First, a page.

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Imagine what could happen if, instead of frantically trying to find another place to go or another activity to do, more children and adults slowed down and started to enjoy simple, playful, age-appropriate learning activities and conversations?
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Instead of enjoying the carefree innocence of childhood, many kids these days are fixated on how they look, comparing themselves to celebrities, models, and other unrealistic ideals. As parents, it's our responsibility to help our kids navigate the tricky landscape of body image with their self esteem and perspective intact.
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Although many parents today fear taking home the wrong baby, it is thankfully an unfounded fear. In reality, it is exceedingly rare for infants to be switched in the hospital and it becomes even more rare as time goes on. Extensive measures have been put in place in modern hospitals in order to prevent such mix-ups.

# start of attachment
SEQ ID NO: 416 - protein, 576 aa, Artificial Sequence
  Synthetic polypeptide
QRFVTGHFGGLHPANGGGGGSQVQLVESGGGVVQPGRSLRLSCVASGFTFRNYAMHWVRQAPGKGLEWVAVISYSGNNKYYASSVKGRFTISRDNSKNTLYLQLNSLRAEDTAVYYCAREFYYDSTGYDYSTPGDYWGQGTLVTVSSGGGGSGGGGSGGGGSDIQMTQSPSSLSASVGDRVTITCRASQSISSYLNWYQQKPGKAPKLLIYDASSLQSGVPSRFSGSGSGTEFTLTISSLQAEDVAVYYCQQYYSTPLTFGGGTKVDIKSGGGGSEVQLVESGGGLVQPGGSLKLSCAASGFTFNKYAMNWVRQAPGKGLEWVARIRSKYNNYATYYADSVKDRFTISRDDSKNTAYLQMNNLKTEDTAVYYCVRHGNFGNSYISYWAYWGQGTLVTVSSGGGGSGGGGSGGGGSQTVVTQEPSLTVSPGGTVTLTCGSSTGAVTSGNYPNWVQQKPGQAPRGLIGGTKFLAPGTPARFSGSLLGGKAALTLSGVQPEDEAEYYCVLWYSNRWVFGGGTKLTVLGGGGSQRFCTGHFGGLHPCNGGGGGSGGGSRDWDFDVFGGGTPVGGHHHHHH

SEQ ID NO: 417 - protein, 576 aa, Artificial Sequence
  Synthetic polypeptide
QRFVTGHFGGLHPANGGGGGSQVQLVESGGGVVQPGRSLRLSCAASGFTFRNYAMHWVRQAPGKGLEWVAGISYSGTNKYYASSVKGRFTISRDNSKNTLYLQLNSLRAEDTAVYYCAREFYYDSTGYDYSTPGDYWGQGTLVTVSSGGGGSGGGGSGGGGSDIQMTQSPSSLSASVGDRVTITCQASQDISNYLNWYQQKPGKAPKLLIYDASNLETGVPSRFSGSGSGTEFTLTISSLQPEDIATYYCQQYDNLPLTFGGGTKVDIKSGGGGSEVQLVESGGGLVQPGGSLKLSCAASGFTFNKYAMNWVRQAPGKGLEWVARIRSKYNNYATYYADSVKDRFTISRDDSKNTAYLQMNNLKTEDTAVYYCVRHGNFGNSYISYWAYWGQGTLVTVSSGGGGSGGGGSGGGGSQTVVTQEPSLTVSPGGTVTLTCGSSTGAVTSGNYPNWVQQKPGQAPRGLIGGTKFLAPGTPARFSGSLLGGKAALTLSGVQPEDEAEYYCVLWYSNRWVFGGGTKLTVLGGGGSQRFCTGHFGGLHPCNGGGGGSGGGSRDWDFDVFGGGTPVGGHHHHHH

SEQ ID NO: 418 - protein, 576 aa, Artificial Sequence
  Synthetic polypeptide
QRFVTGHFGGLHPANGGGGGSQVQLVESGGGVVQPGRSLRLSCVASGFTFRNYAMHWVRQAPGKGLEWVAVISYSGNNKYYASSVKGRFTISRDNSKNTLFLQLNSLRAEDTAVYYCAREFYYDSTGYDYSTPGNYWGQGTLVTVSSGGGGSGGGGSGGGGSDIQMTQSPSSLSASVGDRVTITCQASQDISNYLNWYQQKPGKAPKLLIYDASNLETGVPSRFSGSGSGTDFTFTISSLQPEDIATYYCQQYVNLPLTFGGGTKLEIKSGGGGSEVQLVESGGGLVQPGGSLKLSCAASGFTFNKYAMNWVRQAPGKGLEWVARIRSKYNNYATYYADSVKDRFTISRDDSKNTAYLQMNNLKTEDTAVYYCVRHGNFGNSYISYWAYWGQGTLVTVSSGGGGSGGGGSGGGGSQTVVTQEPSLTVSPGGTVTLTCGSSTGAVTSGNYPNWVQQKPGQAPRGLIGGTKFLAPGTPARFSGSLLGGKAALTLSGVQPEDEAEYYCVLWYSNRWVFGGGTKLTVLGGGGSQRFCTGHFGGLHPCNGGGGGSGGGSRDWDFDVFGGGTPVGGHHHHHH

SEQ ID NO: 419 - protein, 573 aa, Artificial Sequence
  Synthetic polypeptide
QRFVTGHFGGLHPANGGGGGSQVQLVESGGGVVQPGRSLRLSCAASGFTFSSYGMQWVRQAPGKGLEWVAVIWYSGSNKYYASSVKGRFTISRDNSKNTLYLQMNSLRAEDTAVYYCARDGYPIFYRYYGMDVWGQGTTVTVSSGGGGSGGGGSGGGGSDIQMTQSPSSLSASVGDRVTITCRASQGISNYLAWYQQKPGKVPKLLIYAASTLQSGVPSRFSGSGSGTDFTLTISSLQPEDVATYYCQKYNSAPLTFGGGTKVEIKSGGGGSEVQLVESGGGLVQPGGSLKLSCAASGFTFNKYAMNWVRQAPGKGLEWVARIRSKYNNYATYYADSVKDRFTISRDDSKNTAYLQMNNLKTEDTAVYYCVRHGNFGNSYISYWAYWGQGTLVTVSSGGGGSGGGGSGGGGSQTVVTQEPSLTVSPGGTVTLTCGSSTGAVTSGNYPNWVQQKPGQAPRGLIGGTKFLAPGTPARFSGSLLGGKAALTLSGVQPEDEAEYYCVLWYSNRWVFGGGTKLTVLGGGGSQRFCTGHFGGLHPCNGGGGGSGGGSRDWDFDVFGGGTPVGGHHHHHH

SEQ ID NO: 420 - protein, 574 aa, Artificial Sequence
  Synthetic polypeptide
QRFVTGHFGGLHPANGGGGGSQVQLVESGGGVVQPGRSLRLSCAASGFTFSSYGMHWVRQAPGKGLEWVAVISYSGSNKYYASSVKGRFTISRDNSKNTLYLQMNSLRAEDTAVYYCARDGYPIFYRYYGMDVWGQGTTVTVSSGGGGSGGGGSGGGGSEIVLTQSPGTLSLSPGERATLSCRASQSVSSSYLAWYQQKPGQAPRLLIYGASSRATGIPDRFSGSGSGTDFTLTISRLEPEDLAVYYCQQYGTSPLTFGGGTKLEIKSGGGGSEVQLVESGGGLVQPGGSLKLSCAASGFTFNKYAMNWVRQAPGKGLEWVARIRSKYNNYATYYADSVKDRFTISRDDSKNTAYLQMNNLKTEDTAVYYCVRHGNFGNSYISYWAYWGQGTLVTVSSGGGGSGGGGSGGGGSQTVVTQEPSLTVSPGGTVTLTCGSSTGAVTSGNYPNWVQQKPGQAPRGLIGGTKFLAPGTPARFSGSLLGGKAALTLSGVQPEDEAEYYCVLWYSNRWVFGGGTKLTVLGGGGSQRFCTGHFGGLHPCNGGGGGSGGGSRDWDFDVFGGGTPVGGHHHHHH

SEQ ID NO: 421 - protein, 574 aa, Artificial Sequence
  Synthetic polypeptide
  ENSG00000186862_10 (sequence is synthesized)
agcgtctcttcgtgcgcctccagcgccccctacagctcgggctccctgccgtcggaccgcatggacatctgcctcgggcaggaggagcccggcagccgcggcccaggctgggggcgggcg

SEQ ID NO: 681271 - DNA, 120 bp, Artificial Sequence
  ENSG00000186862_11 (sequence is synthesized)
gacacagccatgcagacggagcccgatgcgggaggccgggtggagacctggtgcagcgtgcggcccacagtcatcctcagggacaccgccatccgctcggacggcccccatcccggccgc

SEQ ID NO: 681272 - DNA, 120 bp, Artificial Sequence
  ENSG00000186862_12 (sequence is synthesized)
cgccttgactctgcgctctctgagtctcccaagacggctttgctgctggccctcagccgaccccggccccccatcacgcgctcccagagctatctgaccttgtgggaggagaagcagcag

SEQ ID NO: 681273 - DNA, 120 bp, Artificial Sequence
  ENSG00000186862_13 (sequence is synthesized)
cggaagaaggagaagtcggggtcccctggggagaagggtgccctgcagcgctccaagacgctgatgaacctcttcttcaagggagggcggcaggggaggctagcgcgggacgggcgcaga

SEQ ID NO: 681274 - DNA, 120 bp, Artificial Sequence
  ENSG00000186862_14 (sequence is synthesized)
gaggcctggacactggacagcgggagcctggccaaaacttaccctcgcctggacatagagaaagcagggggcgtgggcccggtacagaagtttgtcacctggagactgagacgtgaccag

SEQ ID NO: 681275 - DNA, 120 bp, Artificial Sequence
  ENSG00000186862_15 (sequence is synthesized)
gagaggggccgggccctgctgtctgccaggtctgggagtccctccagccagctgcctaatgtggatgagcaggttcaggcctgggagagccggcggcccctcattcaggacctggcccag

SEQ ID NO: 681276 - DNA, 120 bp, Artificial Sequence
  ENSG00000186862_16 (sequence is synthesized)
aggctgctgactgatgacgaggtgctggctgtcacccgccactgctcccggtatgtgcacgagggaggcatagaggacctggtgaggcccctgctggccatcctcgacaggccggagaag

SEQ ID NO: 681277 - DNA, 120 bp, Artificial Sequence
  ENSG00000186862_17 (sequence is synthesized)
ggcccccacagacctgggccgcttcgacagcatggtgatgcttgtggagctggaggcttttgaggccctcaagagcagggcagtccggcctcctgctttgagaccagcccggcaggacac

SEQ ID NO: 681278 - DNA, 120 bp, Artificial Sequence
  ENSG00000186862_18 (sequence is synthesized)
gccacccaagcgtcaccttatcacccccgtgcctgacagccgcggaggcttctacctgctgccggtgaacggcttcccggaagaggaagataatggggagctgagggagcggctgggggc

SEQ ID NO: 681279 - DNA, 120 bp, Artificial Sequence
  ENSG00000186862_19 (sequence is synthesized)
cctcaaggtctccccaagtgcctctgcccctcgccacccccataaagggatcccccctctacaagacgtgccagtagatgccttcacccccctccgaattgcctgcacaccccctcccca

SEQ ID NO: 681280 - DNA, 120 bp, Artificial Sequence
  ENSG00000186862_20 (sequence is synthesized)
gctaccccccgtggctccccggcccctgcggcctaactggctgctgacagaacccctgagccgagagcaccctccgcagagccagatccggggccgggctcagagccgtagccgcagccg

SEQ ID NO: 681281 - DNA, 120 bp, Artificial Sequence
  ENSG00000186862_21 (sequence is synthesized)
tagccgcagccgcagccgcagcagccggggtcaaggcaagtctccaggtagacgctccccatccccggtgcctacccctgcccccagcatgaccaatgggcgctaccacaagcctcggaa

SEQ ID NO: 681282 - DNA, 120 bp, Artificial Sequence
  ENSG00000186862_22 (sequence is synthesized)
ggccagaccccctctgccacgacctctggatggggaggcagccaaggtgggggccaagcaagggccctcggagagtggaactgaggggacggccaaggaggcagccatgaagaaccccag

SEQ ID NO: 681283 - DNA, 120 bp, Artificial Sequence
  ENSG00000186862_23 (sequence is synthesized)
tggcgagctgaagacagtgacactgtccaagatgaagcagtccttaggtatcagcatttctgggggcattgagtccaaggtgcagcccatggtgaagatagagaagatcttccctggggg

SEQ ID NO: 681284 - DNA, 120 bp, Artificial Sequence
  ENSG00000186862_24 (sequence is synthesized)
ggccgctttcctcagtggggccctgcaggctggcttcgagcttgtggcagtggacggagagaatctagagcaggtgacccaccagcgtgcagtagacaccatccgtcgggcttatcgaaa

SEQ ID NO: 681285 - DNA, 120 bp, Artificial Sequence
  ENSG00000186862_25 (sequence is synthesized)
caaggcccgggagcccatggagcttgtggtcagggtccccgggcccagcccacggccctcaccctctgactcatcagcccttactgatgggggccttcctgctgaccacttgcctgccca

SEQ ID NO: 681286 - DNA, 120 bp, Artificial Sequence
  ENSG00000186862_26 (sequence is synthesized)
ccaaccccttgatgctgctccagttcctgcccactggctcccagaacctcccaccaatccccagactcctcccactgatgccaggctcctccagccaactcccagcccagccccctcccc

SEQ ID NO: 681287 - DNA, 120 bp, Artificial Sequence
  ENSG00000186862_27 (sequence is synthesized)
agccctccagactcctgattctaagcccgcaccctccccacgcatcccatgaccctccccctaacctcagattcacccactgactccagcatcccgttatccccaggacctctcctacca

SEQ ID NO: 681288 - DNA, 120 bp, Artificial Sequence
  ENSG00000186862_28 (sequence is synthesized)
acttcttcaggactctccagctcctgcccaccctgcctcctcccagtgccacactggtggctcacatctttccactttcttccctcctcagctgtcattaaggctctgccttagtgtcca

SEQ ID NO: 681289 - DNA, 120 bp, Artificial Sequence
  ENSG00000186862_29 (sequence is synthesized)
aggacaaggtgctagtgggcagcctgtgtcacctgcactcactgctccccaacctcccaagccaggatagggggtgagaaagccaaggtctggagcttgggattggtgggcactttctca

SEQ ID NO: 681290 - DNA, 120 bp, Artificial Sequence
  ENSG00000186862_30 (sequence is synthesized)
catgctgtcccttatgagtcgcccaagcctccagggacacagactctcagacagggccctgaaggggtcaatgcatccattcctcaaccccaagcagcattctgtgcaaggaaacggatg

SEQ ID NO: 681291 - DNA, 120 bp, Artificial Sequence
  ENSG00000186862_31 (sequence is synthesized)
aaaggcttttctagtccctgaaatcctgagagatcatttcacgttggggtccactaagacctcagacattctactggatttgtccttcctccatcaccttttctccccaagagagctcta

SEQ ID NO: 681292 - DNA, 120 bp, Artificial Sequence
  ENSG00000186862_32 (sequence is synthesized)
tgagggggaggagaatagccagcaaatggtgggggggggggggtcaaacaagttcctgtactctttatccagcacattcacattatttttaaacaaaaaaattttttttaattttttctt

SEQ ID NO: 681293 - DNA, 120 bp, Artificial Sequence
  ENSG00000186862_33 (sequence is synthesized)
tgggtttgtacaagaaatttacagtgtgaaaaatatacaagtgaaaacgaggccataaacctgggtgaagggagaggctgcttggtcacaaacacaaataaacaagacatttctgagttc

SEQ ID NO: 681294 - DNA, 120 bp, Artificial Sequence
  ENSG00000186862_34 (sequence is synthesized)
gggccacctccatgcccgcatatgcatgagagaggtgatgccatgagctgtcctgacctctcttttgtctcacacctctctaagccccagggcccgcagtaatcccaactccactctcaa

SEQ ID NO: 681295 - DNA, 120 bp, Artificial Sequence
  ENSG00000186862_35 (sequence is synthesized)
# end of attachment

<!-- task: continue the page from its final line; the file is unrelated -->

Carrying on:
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On our first day of dance classes, my husband and I found ourselves in a large high school gymnasium with about 50 other couples. The teacher demonstrated something and instructed us to repeat. It seemed simple enough so we followed the instructions and immediately started blaming each other for our failure to look like Fred and Ginger. We tried again and failed again.
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We should have known from their birth that this was going to be a lifelong battle. I remember after the twins were born, listening to other new moms brag how their kids were sleeping through the night at three months old and secretly hating them. I remember trying all the same things I had done with my first and wondering why it wasn't working with O and W. 1 to 3 hours of sleep for their first 18 months would destroy the strongest of men but somehow we survived it.